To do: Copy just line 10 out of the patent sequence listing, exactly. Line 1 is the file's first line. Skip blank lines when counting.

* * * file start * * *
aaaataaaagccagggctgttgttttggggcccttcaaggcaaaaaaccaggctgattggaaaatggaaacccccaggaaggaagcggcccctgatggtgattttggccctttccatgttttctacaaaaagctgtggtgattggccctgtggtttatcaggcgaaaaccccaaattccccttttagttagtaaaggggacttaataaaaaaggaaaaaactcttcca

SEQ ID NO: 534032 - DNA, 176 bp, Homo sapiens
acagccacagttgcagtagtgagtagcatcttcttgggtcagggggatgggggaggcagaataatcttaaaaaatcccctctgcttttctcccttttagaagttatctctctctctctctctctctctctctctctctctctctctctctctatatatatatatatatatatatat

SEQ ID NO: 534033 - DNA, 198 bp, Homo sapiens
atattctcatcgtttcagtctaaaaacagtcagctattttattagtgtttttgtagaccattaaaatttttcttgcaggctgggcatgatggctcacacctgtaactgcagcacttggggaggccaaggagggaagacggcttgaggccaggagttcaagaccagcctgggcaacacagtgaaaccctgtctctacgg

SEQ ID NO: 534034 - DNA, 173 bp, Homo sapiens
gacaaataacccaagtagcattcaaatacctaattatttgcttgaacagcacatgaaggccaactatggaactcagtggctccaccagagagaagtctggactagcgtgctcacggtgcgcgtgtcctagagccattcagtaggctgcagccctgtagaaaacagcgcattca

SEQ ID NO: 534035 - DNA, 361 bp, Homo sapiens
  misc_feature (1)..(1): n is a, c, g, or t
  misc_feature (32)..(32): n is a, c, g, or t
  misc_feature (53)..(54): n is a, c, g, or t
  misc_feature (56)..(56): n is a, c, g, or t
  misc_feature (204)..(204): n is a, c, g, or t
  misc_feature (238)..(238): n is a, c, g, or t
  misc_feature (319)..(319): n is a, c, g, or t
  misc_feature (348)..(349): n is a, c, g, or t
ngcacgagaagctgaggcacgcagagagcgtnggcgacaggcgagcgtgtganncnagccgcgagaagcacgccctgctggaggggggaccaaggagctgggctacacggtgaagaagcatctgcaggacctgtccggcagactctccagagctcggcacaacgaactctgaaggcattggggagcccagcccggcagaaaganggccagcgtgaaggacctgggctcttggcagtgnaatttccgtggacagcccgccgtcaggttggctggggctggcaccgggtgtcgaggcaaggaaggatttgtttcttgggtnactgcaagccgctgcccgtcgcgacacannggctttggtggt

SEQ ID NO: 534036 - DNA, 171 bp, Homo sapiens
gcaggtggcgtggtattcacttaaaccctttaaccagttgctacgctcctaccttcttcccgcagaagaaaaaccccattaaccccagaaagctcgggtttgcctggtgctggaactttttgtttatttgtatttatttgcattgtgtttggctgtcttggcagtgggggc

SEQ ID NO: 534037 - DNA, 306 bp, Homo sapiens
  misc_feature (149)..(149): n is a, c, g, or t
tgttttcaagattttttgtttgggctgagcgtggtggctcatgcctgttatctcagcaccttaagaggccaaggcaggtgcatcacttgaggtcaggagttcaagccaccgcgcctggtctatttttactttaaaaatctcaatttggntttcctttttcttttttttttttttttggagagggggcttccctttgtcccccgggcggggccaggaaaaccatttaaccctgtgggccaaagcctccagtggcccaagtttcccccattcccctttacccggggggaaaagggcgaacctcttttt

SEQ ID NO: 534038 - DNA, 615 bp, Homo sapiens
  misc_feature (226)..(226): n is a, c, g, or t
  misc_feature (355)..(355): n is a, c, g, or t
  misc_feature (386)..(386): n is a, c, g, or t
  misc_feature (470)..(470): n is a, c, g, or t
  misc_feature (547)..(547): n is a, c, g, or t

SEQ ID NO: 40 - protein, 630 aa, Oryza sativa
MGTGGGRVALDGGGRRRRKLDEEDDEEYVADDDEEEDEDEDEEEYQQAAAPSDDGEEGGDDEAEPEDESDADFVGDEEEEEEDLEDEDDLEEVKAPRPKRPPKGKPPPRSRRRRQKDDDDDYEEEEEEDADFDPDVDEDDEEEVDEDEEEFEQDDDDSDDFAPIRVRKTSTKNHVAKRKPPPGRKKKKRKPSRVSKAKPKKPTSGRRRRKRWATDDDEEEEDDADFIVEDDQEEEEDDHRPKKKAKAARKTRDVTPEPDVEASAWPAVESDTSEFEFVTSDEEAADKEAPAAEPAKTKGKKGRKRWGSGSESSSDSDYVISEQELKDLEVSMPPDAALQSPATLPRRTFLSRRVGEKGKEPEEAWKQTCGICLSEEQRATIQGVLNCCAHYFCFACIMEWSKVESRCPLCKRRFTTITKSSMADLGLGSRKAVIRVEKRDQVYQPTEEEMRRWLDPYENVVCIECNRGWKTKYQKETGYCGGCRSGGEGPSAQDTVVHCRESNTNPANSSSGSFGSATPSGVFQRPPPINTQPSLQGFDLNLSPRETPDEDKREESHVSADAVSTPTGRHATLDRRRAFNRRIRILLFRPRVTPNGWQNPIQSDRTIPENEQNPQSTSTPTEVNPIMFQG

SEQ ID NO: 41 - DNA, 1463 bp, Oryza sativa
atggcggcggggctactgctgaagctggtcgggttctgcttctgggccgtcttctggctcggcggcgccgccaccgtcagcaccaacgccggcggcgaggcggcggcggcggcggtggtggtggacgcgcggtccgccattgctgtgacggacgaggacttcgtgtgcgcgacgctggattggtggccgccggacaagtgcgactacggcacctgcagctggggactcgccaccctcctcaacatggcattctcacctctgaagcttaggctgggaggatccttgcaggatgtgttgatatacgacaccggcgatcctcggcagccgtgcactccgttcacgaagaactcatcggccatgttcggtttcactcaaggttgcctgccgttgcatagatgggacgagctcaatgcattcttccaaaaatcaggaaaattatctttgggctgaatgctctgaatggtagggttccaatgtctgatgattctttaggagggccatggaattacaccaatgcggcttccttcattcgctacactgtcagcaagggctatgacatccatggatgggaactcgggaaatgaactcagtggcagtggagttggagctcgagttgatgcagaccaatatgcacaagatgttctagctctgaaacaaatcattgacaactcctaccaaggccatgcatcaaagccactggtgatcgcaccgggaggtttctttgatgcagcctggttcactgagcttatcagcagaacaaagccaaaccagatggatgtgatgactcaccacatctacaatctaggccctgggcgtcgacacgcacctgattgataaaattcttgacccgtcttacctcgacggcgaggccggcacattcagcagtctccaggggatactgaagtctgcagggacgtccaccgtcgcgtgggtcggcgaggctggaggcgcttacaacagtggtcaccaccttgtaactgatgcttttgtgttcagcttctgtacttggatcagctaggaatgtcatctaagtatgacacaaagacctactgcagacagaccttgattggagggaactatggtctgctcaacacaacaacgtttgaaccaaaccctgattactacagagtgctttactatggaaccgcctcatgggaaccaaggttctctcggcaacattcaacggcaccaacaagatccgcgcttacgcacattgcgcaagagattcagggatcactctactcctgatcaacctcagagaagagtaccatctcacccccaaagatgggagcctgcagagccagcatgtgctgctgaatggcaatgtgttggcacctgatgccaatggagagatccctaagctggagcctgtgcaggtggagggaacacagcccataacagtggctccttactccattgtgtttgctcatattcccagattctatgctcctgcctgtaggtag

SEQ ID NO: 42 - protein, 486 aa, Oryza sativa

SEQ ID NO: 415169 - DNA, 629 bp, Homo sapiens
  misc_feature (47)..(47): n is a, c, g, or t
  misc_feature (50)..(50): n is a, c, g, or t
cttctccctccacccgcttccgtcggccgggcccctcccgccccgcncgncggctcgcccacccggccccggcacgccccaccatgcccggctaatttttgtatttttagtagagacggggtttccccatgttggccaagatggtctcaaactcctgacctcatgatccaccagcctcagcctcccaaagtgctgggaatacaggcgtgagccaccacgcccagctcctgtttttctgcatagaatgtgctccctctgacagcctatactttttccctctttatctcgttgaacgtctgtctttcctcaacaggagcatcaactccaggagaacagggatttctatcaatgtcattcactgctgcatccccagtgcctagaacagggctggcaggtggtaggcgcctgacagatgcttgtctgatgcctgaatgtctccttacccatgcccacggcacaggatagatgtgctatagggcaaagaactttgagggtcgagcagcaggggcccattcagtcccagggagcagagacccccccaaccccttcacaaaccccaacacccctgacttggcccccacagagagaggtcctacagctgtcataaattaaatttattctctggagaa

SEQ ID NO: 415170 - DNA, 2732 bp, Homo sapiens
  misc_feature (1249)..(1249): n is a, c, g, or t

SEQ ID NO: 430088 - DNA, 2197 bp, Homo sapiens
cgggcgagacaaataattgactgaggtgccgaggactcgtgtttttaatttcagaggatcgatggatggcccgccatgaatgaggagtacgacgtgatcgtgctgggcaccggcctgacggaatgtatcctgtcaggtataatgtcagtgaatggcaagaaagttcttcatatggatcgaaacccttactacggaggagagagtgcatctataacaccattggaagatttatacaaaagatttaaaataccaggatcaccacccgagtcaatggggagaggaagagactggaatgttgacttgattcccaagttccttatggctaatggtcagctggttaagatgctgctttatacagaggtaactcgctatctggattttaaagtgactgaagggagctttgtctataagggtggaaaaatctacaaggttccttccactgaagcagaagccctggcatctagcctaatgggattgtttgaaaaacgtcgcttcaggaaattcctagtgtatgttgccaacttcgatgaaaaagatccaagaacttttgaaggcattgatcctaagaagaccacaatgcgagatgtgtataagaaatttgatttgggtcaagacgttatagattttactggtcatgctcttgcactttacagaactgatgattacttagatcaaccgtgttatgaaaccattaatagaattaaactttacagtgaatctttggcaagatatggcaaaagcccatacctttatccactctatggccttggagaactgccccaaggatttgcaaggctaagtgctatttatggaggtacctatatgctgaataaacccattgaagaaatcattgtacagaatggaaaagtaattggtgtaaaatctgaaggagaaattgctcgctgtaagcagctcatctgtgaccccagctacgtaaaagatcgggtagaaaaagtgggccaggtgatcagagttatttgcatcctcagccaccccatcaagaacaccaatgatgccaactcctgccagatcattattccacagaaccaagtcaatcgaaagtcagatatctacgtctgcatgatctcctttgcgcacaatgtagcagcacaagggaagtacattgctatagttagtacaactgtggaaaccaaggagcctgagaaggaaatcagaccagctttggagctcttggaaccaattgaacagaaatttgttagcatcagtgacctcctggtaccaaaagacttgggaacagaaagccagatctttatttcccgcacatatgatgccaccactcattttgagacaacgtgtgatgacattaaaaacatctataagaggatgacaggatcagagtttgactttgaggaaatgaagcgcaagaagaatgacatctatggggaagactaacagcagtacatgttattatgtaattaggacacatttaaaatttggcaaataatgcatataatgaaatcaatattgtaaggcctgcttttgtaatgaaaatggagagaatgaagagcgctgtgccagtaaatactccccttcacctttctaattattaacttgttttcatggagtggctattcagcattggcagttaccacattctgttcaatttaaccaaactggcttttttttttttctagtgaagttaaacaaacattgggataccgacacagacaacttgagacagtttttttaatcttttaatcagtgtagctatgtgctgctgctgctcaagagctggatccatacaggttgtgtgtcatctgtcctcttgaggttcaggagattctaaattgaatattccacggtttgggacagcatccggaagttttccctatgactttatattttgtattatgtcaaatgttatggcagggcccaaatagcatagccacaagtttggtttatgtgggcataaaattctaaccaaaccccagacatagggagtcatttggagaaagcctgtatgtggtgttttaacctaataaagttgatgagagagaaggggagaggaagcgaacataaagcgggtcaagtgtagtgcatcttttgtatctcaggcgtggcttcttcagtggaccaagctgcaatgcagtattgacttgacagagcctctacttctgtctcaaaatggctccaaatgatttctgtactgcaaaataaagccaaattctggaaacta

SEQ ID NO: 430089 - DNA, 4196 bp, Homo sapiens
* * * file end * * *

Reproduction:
  misc_feature (32)..(32): n is a, c, g, or t